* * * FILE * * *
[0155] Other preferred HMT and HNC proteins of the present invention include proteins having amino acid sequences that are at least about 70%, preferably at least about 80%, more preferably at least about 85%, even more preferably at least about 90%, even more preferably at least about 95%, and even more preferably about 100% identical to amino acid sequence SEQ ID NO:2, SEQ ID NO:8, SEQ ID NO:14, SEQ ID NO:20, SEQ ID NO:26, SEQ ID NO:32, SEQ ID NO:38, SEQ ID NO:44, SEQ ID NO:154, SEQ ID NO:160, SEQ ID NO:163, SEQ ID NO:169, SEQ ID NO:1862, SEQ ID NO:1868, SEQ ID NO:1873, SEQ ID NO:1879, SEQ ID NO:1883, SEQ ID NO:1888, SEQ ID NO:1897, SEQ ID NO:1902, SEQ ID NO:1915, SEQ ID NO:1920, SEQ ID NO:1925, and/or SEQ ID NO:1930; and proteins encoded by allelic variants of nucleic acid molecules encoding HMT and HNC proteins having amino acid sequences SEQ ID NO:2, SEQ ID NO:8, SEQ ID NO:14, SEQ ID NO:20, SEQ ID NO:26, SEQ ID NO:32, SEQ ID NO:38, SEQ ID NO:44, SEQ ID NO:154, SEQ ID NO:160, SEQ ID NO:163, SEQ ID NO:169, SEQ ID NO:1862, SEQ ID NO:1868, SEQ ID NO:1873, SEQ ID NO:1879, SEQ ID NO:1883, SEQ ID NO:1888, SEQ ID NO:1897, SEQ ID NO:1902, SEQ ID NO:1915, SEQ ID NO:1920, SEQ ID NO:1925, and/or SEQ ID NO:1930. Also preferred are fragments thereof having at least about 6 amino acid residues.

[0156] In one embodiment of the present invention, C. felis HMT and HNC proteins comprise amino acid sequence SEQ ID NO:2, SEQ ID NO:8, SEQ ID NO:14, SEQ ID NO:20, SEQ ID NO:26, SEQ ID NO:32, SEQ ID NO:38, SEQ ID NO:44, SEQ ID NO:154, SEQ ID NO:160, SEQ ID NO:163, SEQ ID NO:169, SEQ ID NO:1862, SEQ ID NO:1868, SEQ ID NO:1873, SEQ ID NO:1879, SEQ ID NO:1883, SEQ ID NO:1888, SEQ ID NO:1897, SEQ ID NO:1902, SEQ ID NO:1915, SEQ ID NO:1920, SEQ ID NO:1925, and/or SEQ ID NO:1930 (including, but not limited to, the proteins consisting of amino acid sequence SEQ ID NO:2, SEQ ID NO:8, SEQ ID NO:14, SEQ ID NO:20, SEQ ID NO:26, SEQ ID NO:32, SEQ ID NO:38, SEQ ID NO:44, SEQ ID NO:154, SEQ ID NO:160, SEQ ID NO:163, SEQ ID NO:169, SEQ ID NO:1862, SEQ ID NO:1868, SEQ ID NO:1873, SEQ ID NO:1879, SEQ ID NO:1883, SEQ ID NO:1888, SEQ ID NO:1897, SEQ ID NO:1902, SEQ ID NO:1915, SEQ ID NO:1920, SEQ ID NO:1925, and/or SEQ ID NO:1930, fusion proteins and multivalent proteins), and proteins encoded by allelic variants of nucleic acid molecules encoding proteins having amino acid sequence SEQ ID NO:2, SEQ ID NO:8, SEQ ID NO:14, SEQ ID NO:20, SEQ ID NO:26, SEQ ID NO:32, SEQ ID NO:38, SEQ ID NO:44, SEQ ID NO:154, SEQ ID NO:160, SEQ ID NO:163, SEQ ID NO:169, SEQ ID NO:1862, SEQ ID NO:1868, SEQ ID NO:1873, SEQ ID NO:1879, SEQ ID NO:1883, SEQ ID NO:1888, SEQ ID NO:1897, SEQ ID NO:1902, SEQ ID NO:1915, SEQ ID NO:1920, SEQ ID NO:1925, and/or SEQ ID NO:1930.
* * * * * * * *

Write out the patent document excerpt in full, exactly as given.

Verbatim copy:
[0155] Other preferred HMT and HNC proteins of the present invention include proteins having amino acid sequences that are at least about 70%, preferably at least about 80%, more preferably at least about 85%, even more preferably at least about 90%, even more preferably at least about 95%, and even more preferably about 100% identical to amino acid sequence SEQ ID NO:2, SEQ ID NO:8, SEQ ID NO:14, SEQ ID NO:20, SEQ ID NO:26, SEQ ID NO:32, SEQ ID NO:38, SEQ ID NO:44, SEQ ID NO:154, SEQ ID NO:160, SEQ ID NO:163, SEQ ID NO:169, SEQ ID NO:1862, SEQ ID NO:1868, SEQ ID NO:1873, SEQ ID NO:1879, SEQ ID NO:1883, SEQ ID NO:1888, SEQ ID NO:1897, SEQ ID NO:1902, SEQ ID NO:1915, SEQ ID NO:1920, SEQ ID NO:1925, and/or SEQ ID NO:1930; and proteins encoded by allelic variants of nucleic acid molecules encoding HMT and HNC proteins having amino acid sequences SEQ ID NO:2, SEQ ID NO:8, SEQ ID NO:14, SEQ ID NO:20, SEQ ID NO:26, SEQ ID NO:32, SEQ ID NO:38, SEQ ID NO:44, SEQ ID NO:154, SEQ ID NO:160, SEQ ID NO:163, SEQ ID NO:169, SEQ ID NO:1862, SEQ ID NO:1868, SEQ ID NO:1873, SEQ ID NO:1879, SEQ ID NO:1883, SEQ ID NO:1888, SEQ ID NO:1897, SEQ ID NO:1902, SEQ ID NO:1915, SEQ ID NO:1920, SEQ ID NO:1925, and/or SEQ ID NO:1930. Also preferred are fragments thereof having at least about 6 amino acid residues.

[0156] In one embodiment of the present invention, C. felis HMT and HNC proteins comprise amino acid sequence SEQ ID NO:2, SEQ ID NO:8, SEQ ID NO:14, SEQ ID NO:20, SEQ ID NO:26, SEQ ID NO:32, SEQ ID NO:38, SEQ ID NO:44, SEQ ID NO:154, SEQ ID NO:160, SEQ ID NO:163, SEQ ID NO:169, SEQ ID NO:1862, SEQ ID NO:1868, SEQ ID NO:1873, SEQ ID NO:1879, SEQ ID NO:1883, SEQ ID NO:1888, SEQ ID NO:1897, SEQ ID NO:1902, SEQ ID NO:1915, SEQ ID NO:1920, SEQ ID NO:1925, and/or SEQ ID NO:1930 (including, but not limited to, the proteins consisting of amino acid sequence SEQ ID NO:2, SEQ ID NO:8, SEQ ID NO:14, SEQ ID NO:20, SEQ ID NO:26, SEQ ID NO:32, SEQ ID NO:38, SEQ ID NO:44, SEQ ID NO:154, SEQ ID NO:160, SEQ ID NO:163, SEQ ID NO:169, SEQ ID NO:1862, SEQ ID NO:1868, SEQ ID NO:1873, SEQ ID NO:1879, SEQ ID NO:1883, SEQ ID NO:1888, SEQ ID NO:1897, SEQ ID NO:1902, SEQ ID NO:1915, SEQ ID NO:1920, SEQ ID NO:1925, and/or SEQ ID NO:1930, fusion proteins and multivalent proteins), and proteins encoded by allelic variants of nucleic acid molecules encoding proteins having amino acid sequence SEQ ID NO:2, SEQ ID NO:8, SEQ ID NO:14, SEQ ID NO:20, SEQ ID NO:26, SEQ ID NO:32, SEQ ID NO:38, SEQ ID NO:44, SEQ ID NO:154, SEQ ID NO:160, SEQ ID NO:163, SEQ ID NO:169, SEQ ID NO:1862, SEQ ID NO:1868, SEQ ID NO:1873, SEQ ID NO:1879, SEQ ID NO:1883, SEQ ID NO:1888, SEQ ID NO:1897, SEQ ID NO:1902, SEQ ID NO:1915, SEQ ID NO:1920, SEQ ID NO:1925, and/or SEQ ID NO:1930.